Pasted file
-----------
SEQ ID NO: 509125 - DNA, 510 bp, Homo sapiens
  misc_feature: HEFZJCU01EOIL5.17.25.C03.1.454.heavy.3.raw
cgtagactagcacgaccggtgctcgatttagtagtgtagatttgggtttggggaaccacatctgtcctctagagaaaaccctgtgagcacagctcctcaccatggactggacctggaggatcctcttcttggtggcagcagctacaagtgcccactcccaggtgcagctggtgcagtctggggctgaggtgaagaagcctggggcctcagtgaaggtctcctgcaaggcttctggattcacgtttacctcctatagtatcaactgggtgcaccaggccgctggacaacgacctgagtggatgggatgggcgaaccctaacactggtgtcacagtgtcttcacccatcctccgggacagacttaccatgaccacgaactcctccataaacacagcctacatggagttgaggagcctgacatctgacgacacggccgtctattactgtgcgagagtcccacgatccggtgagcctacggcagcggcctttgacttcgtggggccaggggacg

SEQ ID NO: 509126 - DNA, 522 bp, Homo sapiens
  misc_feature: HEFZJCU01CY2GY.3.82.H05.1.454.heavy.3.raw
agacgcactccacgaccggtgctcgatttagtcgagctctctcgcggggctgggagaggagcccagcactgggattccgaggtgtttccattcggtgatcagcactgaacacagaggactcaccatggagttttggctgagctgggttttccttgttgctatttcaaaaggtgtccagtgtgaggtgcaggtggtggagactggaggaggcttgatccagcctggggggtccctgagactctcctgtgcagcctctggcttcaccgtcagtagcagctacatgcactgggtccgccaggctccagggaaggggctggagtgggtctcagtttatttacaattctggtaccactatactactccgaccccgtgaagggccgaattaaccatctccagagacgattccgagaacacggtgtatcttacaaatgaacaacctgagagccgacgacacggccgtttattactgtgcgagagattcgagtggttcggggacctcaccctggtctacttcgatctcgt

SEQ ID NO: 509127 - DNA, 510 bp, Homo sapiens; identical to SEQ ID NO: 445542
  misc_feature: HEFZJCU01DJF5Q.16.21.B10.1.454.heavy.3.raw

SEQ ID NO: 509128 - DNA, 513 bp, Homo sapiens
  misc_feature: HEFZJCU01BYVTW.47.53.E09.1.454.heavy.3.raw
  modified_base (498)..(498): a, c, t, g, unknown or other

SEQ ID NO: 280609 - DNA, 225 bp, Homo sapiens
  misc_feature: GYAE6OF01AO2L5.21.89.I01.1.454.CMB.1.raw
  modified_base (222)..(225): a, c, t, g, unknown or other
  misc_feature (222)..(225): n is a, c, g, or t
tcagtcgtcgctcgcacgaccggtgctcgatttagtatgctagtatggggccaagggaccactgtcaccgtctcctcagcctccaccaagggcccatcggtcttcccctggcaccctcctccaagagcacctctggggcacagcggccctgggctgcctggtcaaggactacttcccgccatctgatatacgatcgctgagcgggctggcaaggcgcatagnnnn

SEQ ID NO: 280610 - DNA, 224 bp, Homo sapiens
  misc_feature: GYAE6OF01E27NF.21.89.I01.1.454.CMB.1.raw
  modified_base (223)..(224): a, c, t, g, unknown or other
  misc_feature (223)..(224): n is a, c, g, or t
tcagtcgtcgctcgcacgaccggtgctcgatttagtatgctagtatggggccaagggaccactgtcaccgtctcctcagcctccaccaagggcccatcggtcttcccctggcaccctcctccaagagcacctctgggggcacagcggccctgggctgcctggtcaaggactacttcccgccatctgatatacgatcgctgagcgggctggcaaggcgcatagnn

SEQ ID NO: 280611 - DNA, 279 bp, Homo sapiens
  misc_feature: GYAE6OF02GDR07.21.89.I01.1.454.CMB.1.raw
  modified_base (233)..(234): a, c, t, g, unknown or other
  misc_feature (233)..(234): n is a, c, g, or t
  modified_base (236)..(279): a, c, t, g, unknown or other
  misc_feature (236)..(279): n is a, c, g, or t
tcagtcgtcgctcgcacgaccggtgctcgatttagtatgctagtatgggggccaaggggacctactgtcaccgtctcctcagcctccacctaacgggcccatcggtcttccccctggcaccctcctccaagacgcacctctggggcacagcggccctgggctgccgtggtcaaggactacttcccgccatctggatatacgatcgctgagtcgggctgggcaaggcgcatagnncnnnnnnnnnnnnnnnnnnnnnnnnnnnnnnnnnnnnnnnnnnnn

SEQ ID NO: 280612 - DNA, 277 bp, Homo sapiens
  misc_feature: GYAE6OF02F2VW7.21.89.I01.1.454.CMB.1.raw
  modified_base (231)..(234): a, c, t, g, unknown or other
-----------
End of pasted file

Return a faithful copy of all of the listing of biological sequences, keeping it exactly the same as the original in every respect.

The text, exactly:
SEQ ID NO: 509125 - DNA, 510 bp, Homo sapiens
  misc_feature: HEFZJCU01EOIL5.17.25.C03.1.454.heavy.3.raw
cgtagactagcacgaccggtgctcgatttagtagtgtagatttgggtttggggaaccacatctgtcctctagagaaaaccctgtgagcacagctcctcaccatggactggacctggaggatcctcttcttggtggcagcagctacaagtgcccactcccaggtgcagctggtgcagtctggggctgaggtgaagaagcctggggcctcagtgaaggtctcctgcaaggcttctggattcacgtttacctcctatagtatcaactgggtgcaccaggccgctggacaacgacctgagtggatgggatgggcgaaccctaacactggtgtcacagtgtcttcacccatcctccgggacagacttaccatgaccacgaactcctccataaacacagcctacatggagttgaggagcctgacatctgacgacacggccgtctattactgtgcgagagtcccacgatccggtgagcctacggcagcggcctttgacttcgtggggccaggggacg

SEQ ID NO: 509126 - DNA, 522 bp, Homo sapiens
  misc_feature: HEFZJCU01CY2GY.3.82.H05.1.454.heavy.3.raw
agacgcactccacgaccggtgctcgatttagtcgagctctctcgcggggctgggagaggagcccagcactgggattccgaggtgtttccattcggtgatcagcactgaacacagaggactcaccatggagttttggctgagctgggttttccttgttgctatttcaaaaggtgtccagtgtgaggtgcaggtggtggagactggaggaggcttgatccagcctggggggtccctgagactctcctgtgcagcctctggcttcaccgtcagtagcagctacatgcactgggtccgccaggctccagggaaggggctggagtgggtctcagtttatttacaattctggtaccactatactactccgaccccgtgaagggccgaattaaccatctccagagacgattccgagaacacggtgtatcttacaaatgaacaacctgagagccgacgacacggccgtttattactgtgcgagagattcgagtggttcggggacctcaccctggtctacttcgatctcgt

SEQ ID NO: 509127 - DNA, 510 bp, Homo sapiens; identical to SEQ ID NO: 445542
  misc_feature: HEFZJCU01DJF5Q.16.21.B10.1.454.heavy.3.raw

SEQ ID NO: 509128 - DNA, 513 bp, Homo sapiens
  misc_feature: HEFZJCU01BYVTW.47.53.E09.1.454.heavy.3.raw
  modified_base (498)..(498): a, c, t, g, unknown or other

SEQ ID NO: 280609 - DNA, 225 bp, Homo sapiens
  misc_feature: GYAE6OF01AO2L5.21.89.I01.1.454.CMB.1.raw
  modified_base (222)..(225): a, c, t, g, unknown or other
  misc_feature (222)..(225): n is a, c, g, or t
tcagtcgtcgctcgcacgaccggtgctcgatttagtatgctagtatggggccaagggaccactgtcaccgtctcctcagcctccaccaagggcccatcggtcttcccctggcaccctcctccaagagcacctctggggcacagcggccctgggctgcctggtcaaggactacttcccgccatctgatatacgatcgctgagcgggctggcaaggcgcatagnnnn

SEQ ID NO: 280610 - DNA, 224 bp, Homo sapiens
  misc_feature: GYAE6OF01E27NF.21.89.I01.1.454.CMB.1.raw
  modified_base (223)..(224): a, c, t, g, unknown or other
  misc_feature (223)..(224): n is a, c, g, or t
tcagtcgtcgctcgcacgaccggtgctcgatttagtatgctagtatggggccaagggaccactgtcaccgtctcctcagcctccaccaagggcccatcggtcttcccctggcaccctcctccaagagcacctctgggggcacagcggccctgggctgcctggtcaaggactacttcccgccatctgatatacgatcgctgagcgggctggcaaggcgcatagnn

SEQ ID NO: 280611 - DNA, 279 bp, Homo sapiens
  misc_feature: GYAE6OF02GDR07.21.89.I01.1.454.CMB.1.raw
  modified_base (233)..(234): a, c, t, g, unknown or other
  misc_feature (233)..(234): n is a, c, g, or t
  modified_base (236)..(279): a, c, t, g, unknown or other
  misc_feature (236)..(279): n is a, c, g, or t
tcagtcgtcgctcgcacgaccggtgctcgatttagtatgctagtatgggggccaaggggacctactgtcaccgtctcctcagcctccacctaacgggcccatcggtcttccccctggcaccctcctccaagacgcacctctggggcacagcggccctgggctgccgtggtcaaggactacttcccgccatctggatatacgatcgctgagtcgggctgggcaaggcgcatagnncnnnnnnnnnnnnnnnnnnnnnnnnnnnnnnnnnnnnnnnnnnnn

SEQ ID NO: 280612 - DNA, 277 bp, Homo sapiens
  misc_feature: GYAE6OF02F2VW7.21.89.I01.1.454.CMB.1.raw
  modified_base (231)..(234): a, c, t, g, unknown or other